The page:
In my early teens, after I got into all the flying-saucer rubbish and – as I thought at the time – out of it unscathed and unsullied, I read science fiction on my father’s old Kindle. I’d outgrown kids’ books, YA was embarrassing, and the classics prescribed at school were boring and about girls. The SF novels on that antique device with its red leather case were labelled ‘classic’, but my father persuaded me not to let that put me off.
This is why, as I walk up the Mound and down the High Street, the alternative Edinburghs I distract myself by calling up in rapid succession on my glasses aren’t just the standard historicals, entertaining though it is to stroll the main drag of Hume’s and Smith’s Athens of the North and watch the chamberpots tipped from upstairs windows to splatter heads below, or to scroll the city’s growth from Neolithic settlement to modern capital, or let the smoke of Victorian lums and Edwardian slums rise to swamp the streets and then, with quite surprising suddenness, disperse the miasma with a wave of the Clean Air Act.
I play with overlays of alternate pasts and possible futures, with steampunk and cyberpunk, utopia and dystopia. Looking down towards Waverley Station, I replace its long sheds with the Nor Loch, stagnant and stinking. I swing by the Victorian eminence of the Bank of Scotland and see it blazoned with the banners of John MacLean’s 1919 Workers’ Republic. The vista along George IV Bridge gets an instant make-over as a Blackshirt mob storms the National Library, then I time-shift the street to the metropolis of concrete, glass and steel the agitators fancied themselves fighting for. Before I turn into the Royal Mile, past the verdigrised statue of Hume with its pilgrim-polished toe, the whole fascist facade crashes under USAAF bombs, and I smirk in smoke so thick it almost makes me miss my footing and so vivid I can smell it.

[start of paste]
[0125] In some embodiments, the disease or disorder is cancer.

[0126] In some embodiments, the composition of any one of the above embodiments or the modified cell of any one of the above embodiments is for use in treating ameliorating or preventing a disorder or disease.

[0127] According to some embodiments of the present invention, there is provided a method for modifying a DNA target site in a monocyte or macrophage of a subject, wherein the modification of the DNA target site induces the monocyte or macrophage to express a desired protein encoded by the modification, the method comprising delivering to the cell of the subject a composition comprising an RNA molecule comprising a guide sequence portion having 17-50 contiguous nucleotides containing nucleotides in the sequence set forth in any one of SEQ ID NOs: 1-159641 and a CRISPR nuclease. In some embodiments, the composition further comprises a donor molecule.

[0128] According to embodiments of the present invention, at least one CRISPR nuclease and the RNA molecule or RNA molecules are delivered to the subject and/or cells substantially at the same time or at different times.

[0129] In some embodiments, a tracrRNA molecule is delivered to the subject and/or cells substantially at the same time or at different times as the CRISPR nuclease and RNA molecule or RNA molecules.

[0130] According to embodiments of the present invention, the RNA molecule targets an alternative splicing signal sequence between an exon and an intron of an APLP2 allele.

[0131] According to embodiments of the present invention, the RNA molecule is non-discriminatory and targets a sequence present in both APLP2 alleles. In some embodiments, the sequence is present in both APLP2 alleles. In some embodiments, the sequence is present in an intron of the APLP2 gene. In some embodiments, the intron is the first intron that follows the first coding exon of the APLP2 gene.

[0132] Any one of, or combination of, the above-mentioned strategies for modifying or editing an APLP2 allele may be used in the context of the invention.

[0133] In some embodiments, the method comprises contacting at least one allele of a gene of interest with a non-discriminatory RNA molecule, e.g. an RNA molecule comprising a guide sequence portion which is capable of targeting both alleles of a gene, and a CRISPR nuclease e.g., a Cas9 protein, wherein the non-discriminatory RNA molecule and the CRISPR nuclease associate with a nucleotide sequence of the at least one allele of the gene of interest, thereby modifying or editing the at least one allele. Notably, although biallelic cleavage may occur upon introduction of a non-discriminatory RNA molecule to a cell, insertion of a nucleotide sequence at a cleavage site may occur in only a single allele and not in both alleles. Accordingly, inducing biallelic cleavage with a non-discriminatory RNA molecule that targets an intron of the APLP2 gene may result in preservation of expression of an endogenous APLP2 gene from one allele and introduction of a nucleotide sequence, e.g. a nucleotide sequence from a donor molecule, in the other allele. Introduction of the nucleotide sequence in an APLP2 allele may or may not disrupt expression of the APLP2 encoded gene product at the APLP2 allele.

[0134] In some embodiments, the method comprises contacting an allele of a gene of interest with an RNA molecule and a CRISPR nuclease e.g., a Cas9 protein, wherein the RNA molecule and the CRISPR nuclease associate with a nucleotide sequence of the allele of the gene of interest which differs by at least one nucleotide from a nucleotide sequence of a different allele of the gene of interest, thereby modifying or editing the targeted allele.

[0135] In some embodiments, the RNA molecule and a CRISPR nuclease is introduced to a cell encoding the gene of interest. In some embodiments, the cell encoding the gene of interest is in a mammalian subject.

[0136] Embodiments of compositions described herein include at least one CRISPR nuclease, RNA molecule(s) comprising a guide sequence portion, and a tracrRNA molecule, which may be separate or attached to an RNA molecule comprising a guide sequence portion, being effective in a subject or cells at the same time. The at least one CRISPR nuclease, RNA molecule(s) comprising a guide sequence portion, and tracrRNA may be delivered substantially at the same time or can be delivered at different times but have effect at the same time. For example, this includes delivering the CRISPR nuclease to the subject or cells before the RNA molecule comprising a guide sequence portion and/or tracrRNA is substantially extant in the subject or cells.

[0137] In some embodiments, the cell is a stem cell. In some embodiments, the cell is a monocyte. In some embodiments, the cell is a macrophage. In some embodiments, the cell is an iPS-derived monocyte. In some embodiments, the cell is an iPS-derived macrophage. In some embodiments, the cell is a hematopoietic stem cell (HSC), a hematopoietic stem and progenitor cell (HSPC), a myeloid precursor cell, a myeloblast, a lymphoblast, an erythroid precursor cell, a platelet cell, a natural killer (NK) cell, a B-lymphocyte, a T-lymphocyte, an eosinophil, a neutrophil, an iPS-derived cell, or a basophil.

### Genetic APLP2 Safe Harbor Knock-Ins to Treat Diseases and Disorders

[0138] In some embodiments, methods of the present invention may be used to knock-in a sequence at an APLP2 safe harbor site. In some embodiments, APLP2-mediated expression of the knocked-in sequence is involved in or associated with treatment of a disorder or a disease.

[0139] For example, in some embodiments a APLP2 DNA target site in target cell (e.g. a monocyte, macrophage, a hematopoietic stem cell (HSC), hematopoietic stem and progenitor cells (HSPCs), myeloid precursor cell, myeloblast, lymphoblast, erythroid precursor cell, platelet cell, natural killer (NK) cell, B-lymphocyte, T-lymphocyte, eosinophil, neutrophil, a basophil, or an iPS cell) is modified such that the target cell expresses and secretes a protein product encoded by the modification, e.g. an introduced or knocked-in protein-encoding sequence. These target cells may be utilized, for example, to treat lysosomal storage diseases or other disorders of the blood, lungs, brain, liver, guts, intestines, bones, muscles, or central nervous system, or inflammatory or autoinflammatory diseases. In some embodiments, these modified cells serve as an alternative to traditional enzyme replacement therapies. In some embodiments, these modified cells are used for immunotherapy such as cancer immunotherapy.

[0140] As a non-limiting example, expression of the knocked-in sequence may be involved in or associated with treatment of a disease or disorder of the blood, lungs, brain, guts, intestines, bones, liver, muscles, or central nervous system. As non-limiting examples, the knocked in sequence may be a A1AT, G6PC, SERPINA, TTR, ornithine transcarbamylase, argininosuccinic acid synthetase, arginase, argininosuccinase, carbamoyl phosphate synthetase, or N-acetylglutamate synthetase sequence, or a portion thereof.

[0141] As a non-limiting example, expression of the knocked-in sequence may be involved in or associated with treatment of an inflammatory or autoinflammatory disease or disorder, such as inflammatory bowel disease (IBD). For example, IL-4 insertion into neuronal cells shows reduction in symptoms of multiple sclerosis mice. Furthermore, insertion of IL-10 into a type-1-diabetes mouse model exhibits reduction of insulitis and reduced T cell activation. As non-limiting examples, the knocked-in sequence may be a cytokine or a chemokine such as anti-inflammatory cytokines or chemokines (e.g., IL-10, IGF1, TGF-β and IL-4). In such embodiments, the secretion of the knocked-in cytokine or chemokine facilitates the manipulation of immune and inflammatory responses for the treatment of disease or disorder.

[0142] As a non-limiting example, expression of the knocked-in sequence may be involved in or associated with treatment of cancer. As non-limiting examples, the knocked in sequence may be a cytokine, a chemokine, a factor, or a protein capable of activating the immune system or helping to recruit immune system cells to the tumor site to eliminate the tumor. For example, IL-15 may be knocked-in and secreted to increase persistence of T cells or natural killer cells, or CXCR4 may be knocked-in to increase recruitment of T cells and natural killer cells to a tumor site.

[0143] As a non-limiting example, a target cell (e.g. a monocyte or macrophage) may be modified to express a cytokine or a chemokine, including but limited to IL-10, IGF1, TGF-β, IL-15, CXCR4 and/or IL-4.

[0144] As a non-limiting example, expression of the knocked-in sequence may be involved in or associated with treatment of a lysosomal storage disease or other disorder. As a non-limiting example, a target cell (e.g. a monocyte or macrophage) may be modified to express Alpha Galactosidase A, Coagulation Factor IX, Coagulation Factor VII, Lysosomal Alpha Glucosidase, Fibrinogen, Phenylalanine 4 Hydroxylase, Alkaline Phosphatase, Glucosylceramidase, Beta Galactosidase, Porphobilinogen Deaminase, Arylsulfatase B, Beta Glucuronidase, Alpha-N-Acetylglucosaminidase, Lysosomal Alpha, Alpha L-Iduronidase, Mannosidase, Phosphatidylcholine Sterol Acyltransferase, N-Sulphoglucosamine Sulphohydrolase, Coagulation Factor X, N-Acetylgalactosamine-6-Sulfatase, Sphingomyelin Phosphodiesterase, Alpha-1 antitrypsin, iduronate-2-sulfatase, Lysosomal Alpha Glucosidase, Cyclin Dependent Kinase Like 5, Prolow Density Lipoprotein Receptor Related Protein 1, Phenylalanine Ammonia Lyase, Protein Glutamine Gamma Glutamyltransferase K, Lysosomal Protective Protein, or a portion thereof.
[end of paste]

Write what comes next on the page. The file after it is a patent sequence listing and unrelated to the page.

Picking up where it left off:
The view, now downward to the sea, is of the High Street in yet another unlikely mash-up of possibilities. The houses and shops and churches retain their higgledy-piggledy sandstone granularity, but beyond the Old Town new towers rise, spindly, improbable constructions of materials that suck sunlight and burn breezes, lively as trees. The flags that hang from poles jutting over hotel and shop doorways are the saltire of St Andrew and the cross of St George, Europe’s star-circled banner and Ireland’s starry plough, the Maple Leaf and the Stars and Stripes, and the red flags of the workers’ republics (unimagined by and unimaginable to MacLean) on whose trade and tourism and tat the street relies. Above are, of course, the airships without which any such alt-historical scenario would be incomplete – no lumbering gasbags these, but silver-skinned streamlined shapes that bore through the air with drill-bit determination. Between the airships’ altitude and rooftop height the air is speckled with the dots and flashes of drones occluding or reflecting light.
As above, so below: form follows function in every outré retro style. Nothing is ironic, nothing tips a wink to the past. Men’s broad-brimmed hats shield from unforgiving sun or lashing rain, and block surveillance from above; dandy shirtfronts, long flapping coats and wide lapels soak energy from the air and information from the ether. The face-framing, profile-hiding visors of the poke bonnets affected by fashionable young ladies are transparent from within, opaque from without, giving augmented peripheral vision on the inner surface, and conferring privacy to and from the sideward glance as well as shade; floor-skimming full skirts might look like clumsy crinolines in a still picture, but in the moving image they balloon and glide, hems rippling autonomously like the lateral fins of flatfish to avoid toes and heels, obstacles and dirt, and their extravagant yardage of sun-drenched or wind-stirred fabric powers that motion as well as warming or cooling threads and a panoply of coms with every flounce; lacy parasols uplink to satellites and drones, and dainty handbags encompass libraries by default.